The moment I saw this model in the Bones II list, I knew I wanted to buy it. Marouda likes Bulls, as she’s a Taurus (not into astrology, but likes the animal and imagery). As I’ve written before, the Brass/Bronze Bull is a thing with a strong Ancient Greek heritage. As much as I like the Foundry Model, this one is a good bit bigger, and as such, more impressive. Incidentally, this model is a Bob Olley sculpt, and a nice one at that. I started this a little over a month ago, after starting a brief survey on how to base it.
Now, I know that most Reaper Miniatures are essentially “counts-as” models for various Dungeons and Dragons beasties. What was interesting to me was when one of my friends was over for Friday Night Zombicide, and saw the part-painted model on my paint desk, and remarked that he recognised it as a “Gorgon” and talked about it turning enemies to stone (ok) via a breath attack (huh?) Now, as I’ve mentioned before, I’m not a huge D&D guy, and to me “Gorgon” always meant a snake-woman of Medusa’s Ilk. Medusa being the name of a specific Gorgon, rather than the name of the snake-haired woman’s race. Because, you know, that’s what they are.
So I did a bit of Googling the next day. I found that, yes indeedy, a Brass (or Bronze) Bull is a proper D&D Monster that petrifies its foes via a breath attack. Huh. Still, it required a bit more reading to figure out. Eventually, I found this blog post by F.Wesley Schneider (of D&D and Pathfinder fame) who explains it all in a way that makes it all make sense. It’ll still never make it a Gorgon to me, but I can absolutely understand and respect the reasoning behind it, as well as the many years of legacy to those who play and are familiar with D&D. It’s much the same kind of acceptance as my own to bright green Orcs, which was not something I’d ever considered or pictured before my introduction to and immersion into Warhammer in my early teens.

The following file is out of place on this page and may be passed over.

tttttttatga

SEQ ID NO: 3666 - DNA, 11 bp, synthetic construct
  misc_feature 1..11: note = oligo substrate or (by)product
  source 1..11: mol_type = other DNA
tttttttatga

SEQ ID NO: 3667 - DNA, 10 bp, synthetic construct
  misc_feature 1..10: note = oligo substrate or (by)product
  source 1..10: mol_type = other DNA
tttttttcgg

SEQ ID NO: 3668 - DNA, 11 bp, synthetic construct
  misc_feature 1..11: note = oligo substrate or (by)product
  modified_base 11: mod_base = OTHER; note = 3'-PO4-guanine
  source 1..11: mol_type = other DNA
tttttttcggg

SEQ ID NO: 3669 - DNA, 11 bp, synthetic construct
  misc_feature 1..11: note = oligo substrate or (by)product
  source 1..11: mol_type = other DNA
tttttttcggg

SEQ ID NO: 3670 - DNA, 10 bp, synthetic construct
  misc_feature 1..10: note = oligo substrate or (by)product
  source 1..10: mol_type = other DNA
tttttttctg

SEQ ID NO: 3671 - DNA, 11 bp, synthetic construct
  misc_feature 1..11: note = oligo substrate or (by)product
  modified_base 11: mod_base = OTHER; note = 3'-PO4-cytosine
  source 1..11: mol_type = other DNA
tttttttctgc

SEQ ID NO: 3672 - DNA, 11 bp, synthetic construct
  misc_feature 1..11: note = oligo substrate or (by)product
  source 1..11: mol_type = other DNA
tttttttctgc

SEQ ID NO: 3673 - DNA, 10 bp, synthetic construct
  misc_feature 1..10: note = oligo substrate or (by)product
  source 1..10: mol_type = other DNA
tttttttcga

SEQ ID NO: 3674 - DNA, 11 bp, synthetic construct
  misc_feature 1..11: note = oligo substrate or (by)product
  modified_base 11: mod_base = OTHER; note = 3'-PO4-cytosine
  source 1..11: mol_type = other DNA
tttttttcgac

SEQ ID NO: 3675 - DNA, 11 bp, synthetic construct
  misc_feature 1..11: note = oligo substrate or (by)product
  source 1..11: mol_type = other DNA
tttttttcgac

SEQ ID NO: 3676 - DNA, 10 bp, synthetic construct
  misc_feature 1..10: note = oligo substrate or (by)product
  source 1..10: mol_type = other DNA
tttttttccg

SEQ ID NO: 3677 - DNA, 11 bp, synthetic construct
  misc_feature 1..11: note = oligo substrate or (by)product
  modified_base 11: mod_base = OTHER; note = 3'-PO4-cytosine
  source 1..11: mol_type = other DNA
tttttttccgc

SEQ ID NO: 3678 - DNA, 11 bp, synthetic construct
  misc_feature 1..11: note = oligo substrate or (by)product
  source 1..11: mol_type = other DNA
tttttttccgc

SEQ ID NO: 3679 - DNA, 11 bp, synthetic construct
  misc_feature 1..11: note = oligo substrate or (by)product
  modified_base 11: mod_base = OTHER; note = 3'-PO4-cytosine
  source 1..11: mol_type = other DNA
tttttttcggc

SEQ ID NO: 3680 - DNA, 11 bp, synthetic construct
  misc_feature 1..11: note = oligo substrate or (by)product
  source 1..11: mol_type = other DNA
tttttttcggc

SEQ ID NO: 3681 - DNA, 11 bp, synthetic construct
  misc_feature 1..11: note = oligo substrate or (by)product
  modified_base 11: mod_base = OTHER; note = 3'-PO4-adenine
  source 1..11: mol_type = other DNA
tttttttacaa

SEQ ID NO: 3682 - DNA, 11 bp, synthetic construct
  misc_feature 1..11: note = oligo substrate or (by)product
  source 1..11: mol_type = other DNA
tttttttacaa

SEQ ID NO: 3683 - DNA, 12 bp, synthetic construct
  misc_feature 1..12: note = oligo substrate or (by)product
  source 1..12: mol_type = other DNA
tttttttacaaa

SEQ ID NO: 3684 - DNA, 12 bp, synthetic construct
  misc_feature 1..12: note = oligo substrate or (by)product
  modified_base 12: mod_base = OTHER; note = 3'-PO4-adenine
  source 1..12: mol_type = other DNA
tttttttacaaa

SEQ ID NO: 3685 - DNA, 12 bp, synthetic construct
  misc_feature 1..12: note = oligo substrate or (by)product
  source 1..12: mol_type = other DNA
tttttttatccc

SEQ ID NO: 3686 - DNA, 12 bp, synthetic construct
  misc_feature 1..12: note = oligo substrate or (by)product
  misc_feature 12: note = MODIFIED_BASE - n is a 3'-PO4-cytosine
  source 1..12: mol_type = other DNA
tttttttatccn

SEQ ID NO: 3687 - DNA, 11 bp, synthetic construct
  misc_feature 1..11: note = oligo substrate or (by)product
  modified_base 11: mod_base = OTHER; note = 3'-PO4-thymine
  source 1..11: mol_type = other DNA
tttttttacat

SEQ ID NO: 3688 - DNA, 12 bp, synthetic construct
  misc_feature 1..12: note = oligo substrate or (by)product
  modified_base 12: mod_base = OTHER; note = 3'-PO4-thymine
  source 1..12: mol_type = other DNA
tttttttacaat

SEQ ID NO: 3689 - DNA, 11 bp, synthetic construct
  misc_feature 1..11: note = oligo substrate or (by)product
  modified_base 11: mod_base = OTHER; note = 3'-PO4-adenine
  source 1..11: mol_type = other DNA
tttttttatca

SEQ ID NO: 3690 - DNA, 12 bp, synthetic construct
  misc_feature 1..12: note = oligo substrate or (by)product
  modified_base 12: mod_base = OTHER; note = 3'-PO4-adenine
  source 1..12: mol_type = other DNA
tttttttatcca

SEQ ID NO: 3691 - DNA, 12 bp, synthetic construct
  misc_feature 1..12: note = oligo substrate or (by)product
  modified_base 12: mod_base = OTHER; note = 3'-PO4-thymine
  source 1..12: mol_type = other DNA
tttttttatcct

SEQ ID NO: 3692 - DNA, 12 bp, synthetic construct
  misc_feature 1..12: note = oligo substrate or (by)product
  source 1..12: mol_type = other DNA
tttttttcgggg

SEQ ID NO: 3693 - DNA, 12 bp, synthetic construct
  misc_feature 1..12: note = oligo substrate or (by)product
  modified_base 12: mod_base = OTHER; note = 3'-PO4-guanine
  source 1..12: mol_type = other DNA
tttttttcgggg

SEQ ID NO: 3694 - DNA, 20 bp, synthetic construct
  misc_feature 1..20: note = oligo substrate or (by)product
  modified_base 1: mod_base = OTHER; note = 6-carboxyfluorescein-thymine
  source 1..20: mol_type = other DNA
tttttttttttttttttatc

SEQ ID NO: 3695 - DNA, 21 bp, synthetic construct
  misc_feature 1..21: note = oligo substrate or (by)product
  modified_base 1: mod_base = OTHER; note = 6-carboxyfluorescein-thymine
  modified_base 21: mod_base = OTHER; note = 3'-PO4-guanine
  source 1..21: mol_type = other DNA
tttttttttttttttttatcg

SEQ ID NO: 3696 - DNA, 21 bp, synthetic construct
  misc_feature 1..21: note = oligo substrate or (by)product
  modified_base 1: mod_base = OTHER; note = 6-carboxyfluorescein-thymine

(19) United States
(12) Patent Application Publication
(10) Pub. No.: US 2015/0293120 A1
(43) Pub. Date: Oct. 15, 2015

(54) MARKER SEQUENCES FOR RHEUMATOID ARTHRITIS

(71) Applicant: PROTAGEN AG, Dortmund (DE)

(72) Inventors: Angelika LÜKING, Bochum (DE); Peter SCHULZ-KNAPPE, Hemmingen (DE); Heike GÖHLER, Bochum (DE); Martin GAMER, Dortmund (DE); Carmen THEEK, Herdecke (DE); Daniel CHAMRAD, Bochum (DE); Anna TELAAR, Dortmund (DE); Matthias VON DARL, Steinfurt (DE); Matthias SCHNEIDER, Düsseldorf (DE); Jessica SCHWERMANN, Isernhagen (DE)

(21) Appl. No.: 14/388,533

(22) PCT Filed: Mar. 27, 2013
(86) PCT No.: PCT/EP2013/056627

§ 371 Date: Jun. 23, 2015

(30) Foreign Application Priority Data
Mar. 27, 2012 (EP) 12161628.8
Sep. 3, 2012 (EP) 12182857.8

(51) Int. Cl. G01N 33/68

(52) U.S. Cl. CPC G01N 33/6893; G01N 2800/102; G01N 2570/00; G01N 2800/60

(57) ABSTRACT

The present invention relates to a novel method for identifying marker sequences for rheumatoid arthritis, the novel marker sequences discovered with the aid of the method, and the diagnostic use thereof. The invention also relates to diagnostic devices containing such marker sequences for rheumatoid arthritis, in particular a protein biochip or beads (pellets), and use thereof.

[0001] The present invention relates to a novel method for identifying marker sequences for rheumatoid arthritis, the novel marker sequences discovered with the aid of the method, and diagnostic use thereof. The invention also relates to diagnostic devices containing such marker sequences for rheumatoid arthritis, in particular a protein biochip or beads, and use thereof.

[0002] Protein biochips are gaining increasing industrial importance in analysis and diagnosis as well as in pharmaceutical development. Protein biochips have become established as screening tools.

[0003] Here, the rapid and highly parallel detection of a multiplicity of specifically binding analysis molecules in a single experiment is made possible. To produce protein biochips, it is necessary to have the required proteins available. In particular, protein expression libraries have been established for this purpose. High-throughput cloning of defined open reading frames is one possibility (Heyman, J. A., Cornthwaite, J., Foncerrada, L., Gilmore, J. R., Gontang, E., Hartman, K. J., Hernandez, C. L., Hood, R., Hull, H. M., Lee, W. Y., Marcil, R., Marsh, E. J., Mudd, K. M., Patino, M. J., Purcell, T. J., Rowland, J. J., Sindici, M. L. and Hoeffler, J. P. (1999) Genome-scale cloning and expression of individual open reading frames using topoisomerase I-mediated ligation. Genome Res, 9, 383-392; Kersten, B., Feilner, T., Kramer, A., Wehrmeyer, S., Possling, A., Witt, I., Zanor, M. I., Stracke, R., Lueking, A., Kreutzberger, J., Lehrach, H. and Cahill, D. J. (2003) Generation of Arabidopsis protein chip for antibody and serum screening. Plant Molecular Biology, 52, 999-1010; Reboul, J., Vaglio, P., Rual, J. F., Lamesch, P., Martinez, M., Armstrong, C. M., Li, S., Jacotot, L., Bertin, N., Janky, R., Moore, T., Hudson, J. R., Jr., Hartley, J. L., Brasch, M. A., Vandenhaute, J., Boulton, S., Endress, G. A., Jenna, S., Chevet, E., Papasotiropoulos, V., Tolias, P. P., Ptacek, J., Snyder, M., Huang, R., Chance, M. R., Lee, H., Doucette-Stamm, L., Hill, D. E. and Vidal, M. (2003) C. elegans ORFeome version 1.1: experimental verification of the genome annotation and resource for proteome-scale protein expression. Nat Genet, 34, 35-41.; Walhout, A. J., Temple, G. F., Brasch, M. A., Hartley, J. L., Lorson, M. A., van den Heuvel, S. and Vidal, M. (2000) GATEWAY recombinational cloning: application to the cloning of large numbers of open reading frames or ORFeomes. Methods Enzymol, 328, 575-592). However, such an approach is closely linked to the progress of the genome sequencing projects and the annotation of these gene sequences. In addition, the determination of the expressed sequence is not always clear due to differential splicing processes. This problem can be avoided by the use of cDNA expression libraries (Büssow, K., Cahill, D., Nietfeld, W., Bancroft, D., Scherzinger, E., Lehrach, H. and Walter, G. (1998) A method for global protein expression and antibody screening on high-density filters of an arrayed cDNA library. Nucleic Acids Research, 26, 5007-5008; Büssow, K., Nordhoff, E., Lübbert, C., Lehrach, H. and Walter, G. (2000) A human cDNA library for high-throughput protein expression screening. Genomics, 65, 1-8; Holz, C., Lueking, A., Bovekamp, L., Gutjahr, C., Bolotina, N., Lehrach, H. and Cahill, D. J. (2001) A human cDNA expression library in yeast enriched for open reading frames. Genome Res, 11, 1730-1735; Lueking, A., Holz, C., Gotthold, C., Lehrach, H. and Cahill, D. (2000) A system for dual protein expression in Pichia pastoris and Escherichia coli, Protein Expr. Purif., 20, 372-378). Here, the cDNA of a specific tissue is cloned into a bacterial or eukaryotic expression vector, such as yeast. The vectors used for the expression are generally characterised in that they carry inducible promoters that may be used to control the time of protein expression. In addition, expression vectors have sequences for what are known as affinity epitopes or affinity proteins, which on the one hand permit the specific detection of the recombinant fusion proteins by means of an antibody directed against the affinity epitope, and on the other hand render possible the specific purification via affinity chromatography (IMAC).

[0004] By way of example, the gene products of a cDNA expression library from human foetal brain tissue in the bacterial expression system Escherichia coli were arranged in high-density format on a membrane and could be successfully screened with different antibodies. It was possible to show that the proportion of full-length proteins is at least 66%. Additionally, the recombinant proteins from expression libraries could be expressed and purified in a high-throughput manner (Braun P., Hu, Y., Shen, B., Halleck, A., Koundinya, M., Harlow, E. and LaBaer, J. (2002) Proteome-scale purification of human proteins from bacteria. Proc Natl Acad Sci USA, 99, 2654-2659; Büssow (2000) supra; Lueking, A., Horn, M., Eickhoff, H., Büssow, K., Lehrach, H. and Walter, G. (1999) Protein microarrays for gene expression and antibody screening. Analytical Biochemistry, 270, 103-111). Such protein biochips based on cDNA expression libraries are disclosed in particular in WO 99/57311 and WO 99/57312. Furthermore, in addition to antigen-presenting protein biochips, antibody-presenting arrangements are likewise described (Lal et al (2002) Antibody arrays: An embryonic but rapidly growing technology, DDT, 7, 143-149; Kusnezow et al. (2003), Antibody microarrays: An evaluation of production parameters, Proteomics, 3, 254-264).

A couple of flank shots. When I saw the photographs of these I noticed a small amount of wear (already!) on some of the scales. I’ve gone back to retouch those bits and will be giving them a bloody decent shot of varnish tonight and tomorrow.
Finally, a size comparison shot. We have Stabby McStab, the Chronopia model, the Reaper Bull and finally, the foundry bull. While the basing does make a difference, the Wargames Foundry bull is significantly smaller. I’ll still manage to work out a use for both in the eventual Mythical Greek Army. I’ve got some ideas, and both bulls would remain very nasty opponents. I might add some flower tufts to the base of the Reaper model, though. I like the contrasting effect that flowers have with such a terrifying monster of Brass and Steel!